Avoidant personality disorder
Many of us can feel shy in certain situations but for around 2% of the population, extreme shyness and fear of rejection make forming relationships near impossible. This is known as avoidant personality disorder.
We recognise that the system of personality disorder diagnosis can be considered controversial. It is completely your choice which term, if any, you want to use, knowing that your doctor or care team may use another.
The terms used on Counselling Directory are those that are generally used in the UK, currently. We refer to these terms throughout, with the hope of reaching and supporting as many people as possible.
What is avoidant personality disorder?
The medical community has described personality disorders as "long-lived patterns of behaviour that cause problems with work and relationships". Those with avoidant personality disorder will have experienced long-term difficulties with social situations, feeling extreme social inhibition, feelings of inadequacy and sensitivity to rejection.
There is often a long-standing sense of inadequacy and a deep fear of what others think. These feelings tend to lead to social isolation, avoidance of work and any activity that may require social interaction. Someone with avoidant personality disorder may also feel very anxious about the possibility of receiving criticism and their reaction (such as crying or blushing).
Unlike typical shyness, those with avoidant personality disorder will encounter significant problems that will affect day-to-day life and make it very difficult to make and maintain relationships. Often, those with the condition will choose to isolate themselves rather than risk the perceived dangers of connecting with others.
Signs of avoidant personality disorder
The nature of personality disorders means that they aren’t usually diagnosed until adulthood, however, they will typically manifest by early adulthood. A psychiatrist or psychologist will need to diagnose the condition, so if you go to your doctor they will likely refer you to them for confirmation and treatment. In order to diagnose avoidant personality disorder, they will ask about your history and see if you show any of the following common signs:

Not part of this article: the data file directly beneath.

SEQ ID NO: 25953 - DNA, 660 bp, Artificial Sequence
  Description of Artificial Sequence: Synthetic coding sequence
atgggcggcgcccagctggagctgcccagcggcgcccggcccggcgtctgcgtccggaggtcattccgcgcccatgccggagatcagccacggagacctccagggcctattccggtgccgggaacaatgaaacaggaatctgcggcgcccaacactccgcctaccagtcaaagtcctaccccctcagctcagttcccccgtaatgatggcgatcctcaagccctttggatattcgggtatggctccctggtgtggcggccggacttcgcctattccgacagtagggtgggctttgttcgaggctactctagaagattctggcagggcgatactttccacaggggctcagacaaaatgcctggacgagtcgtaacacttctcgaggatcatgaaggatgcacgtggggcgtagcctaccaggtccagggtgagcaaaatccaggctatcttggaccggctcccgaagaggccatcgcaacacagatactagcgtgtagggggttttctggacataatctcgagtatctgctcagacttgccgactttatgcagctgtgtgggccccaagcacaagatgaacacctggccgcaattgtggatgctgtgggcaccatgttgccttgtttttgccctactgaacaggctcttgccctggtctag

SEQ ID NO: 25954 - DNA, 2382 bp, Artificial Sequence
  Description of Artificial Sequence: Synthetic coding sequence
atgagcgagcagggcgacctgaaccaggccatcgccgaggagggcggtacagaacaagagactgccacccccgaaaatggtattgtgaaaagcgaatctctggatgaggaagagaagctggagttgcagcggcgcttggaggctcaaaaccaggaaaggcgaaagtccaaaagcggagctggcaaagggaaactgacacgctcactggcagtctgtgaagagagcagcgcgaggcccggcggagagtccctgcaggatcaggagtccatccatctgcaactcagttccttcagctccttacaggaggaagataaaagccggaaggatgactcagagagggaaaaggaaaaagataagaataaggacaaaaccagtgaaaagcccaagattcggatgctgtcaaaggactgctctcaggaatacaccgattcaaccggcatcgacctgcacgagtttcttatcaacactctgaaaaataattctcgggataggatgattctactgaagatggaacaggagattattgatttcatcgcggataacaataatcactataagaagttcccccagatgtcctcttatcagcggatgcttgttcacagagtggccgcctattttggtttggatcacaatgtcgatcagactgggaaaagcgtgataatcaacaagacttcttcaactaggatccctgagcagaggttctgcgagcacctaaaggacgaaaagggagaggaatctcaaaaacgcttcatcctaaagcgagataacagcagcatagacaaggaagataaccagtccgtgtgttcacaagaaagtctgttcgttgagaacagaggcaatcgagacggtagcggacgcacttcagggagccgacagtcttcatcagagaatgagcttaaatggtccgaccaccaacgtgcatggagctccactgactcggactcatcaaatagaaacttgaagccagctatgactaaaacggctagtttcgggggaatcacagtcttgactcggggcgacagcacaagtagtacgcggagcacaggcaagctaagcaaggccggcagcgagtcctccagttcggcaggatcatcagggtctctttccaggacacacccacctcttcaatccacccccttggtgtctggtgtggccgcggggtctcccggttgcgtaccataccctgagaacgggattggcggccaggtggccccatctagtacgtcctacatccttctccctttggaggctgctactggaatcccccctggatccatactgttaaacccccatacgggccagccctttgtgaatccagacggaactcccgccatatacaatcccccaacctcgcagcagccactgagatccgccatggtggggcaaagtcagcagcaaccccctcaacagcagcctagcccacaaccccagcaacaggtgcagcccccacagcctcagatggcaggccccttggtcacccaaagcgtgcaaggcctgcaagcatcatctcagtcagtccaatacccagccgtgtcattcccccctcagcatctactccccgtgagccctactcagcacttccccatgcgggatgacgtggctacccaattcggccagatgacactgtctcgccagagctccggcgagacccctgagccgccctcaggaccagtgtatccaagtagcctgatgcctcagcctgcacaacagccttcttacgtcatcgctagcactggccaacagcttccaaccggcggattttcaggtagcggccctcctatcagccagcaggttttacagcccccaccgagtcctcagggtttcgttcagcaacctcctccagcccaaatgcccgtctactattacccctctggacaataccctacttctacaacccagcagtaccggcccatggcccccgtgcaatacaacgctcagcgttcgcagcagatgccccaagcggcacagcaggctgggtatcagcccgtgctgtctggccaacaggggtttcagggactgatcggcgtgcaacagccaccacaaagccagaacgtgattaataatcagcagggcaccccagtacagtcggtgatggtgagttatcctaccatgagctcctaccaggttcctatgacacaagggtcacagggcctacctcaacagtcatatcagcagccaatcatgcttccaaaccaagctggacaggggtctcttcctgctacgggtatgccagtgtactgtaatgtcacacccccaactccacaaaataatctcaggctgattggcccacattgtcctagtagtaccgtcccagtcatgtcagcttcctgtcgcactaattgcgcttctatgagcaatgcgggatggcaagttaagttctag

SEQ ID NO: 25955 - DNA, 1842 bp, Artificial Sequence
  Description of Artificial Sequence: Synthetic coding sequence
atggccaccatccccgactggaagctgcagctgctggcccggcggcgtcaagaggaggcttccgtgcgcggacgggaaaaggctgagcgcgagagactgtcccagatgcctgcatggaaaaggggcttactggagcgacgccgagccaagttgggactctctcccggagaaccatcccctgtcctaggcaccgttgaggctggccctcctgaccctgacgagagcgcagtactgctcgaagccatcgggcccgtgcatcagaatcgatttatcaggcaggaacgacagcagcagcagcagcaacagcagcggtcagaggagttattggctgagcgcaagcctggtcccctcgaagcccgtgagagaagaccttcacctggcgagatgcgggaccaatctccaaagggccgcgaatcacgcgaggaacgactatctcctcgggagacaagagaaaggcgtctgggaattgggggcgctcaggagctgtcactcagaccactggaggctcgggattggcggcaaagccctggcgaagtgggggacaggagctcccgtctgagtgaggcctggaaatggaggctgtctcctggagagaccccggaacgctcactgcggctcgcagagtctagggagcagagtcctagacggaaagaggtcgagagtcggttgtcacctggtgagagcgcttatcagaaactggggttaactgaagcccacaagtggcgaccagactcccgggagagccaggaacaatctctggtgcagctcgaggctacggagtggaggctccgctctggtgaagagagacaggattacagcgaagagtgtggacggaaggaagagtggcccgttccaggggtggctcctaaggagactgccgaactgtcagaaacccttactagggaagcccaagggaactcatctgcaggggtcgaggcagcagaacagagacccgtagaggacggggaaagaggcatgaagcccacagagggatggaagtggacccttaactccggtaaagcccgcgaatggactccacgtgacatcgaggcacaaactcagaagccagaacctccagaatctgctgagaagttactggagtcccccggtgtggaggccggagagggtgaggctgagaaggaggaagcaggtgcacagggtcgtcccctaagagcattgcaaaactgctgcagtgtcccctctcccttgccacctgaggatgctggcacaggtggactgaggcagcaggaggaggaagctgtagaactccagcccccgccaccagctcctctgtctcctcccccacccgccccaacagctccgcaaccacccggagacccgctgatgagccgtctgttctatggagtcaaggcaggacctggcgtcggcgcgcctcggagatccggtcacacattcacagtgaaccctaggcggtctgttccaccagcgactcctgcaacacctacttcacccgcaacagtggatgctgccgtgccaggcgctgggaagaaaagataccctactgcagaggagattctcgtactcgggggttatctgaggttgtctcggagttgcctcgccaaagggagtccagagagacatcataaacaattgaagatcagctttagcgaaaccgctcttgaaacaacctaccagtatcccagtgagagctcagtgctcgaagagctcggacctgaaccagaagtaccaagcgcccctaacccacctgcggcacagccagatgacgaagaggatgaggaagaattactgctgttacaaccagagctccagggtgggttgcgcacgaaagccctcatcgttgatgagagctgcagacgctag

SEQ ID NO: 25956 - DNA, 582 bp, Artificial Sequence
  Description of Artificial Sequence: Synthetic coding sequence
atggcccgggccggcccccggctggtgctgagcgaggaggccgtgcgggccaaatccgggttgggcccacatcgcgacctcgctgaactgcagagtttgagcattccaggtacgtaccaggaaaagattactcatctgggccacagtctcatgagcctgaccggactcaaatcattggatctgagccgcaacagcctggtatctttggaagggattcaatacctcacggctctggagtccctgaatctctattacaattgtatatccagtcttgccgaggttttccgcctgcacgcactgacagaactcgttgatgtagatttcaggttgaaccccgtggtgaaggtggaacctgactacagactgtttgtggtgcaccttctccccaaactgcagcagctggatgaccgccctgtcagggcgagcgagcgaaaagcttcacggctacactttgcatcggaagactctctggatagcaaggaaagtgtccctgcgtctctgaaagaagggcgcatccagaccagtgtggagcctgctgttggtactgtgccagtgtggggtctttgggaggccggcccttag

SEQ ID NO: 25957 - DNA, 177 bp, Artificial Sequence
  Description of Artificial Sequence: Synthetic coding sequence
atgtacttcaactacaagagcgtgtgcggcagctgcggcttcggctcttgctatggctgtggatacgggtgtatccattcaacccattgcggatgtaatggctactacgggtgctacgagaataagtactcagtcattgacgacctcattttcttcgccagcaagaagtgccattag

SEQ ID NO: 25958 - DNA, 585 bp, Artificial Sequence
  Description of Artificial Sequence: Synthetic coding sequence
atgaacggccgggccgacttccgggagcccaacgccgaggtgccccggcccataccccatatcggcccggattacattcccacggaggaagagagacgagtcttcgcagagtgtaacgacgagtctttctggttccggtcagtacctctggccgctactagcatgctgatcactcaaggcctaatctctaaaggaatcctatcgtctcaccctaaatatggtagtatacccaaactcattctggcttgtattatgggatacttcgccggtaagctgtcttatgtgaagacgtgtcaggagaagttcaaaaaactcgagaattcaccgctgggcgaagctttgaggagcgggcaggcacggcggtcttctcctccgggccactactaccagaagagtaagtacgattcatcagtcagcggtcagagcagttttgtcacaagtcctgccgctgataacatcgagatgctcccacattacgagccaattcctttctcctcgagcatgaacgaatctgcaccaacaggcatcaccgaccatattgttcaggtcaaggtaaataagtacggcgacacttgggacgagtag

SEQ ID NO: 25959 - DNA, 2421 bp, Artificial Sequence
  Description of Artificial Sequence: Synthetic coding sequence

- Avoids activities that involve other people due to fear of rejection and criticism.
- Unwilling to develop relationships with people unless they are certain they’ll be liked.
- Shows restraint when in an intimate relationship because they fear being shamed.
- Very inhibited when in social situations because they fear they are inadequate.
- Considers themselves ‘socially inept’ and inferior to others.
- Unusually reluctant to take personal risks or try new activities for fear of embarrassment.
In most personality disorder cases, those with the condition will experience a decrease in intensity as they grow older. This means those with avoidant personality disorder may experience very few of the extreme symptoms when they reach their 40s and 50s.
While symptoms typically decrease in intensity with age, this doesn’t mean you should avoid treatment. Support from a mental health professional can help ease symptoms earlier and help you build meaningful connections.